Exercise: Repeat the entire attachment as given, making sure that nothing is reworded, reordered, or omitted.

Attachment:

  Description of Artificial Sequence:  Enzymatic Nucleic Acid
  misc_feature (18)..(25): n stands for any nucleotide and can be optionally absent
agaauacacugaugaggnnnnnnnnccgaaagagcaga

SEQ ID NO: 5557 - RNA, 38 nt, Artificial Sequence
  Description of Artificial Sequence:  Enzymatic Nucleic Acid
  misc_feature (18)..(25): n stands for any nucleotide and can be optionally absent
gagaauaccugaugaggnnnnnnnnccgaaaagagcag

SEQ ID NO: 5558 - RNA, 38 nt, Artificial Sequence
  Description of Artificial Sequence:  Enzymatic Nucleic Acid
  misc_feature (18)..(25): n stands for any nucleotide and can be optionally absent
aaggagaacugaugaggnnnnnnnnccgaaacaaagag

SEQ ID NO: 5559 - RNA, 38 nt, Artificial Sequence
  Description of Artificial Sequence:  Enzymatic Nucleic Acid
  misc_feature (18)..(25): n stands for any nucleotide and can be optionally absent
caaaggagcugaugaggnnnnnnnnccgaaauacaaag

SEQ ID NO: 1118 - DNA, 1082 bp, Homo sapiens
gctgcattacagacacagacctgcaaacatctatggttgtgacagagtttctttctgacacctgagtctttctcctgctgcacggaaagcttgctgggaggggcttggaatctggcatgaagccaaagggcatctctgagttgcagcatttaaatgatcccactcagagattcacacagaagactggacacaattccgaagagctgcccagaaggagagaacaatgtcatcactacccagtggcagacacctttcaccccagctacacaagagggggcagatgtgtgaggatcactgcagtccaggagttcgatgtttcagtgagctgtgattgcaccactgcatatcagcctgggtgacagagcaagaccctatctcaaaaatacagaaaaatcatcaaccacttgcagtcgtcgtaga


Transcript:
  Description of Artificial Sequence:  Enzymatic Nucleic Acid
  misc_feature (18)..(25): n stands for any nucleotide and can be optionally absent
agaauacacugaugaggnnnnnnnnccgaaagagcaga

SEQ ID NO: 5557 - RNA, 38 nt, Artificial Sequence
  Description of Artificial Sequence:  Enzymatic Nucleic Acid
  misc_feature (18)..(25): n stands for any nucleotide and can be optionally absent
gagaauaccugaugaggnnnnnnnnccgaaaagagcag

SEQ ID NO: 5558 - RNA, 38 nt, Artificial Sequence
  Description of Artificial Sequence:  Enzymatic Nucleic Acid
  misc_feature (18)..(25): n stands for any nucleotide and can be optionally absent
aaggagaacugaugaggnnnnnnnnccgaaacaaagag

SEQ ID NO: 5559 - RNA, 38 nt, Artificial Sequence
  Description of Artificial Sequence:  Enzymatic Nucleic Acid
  misc_feature (18)..(25): n stands for any nucleotide and can be optionally absent
caaaggagcugaugaggnnnnnnnnccgaaauacaaag

SEQ ID NO: 1118 - DNA, 1082 bp, Homo sapiens
gctgcattacagacacagacctgcaaacatctatggttgtgacagagtttctttctgacacctgagtctttctcctgctgcacggaaagcttgctgggaggggcttggaatctggcatgaagccaaagggcatctctgagttgcagcatttaaatgatcccactcagagattcacacagaagactggacacaattccgaagagctgcccagaaggagagaacaatgtcatcactacccagtggcagacacctttcaccccagctacacaagagggggcagatgtgtgaggatcactgcagtccaggagttcgatgtttcagtgagctgtgattgcaccactgcatatcagcctgggtgacagagcaagaccctatctcaaaaatacagaaaaatcatcaaccacttgcagtcgtcgtaga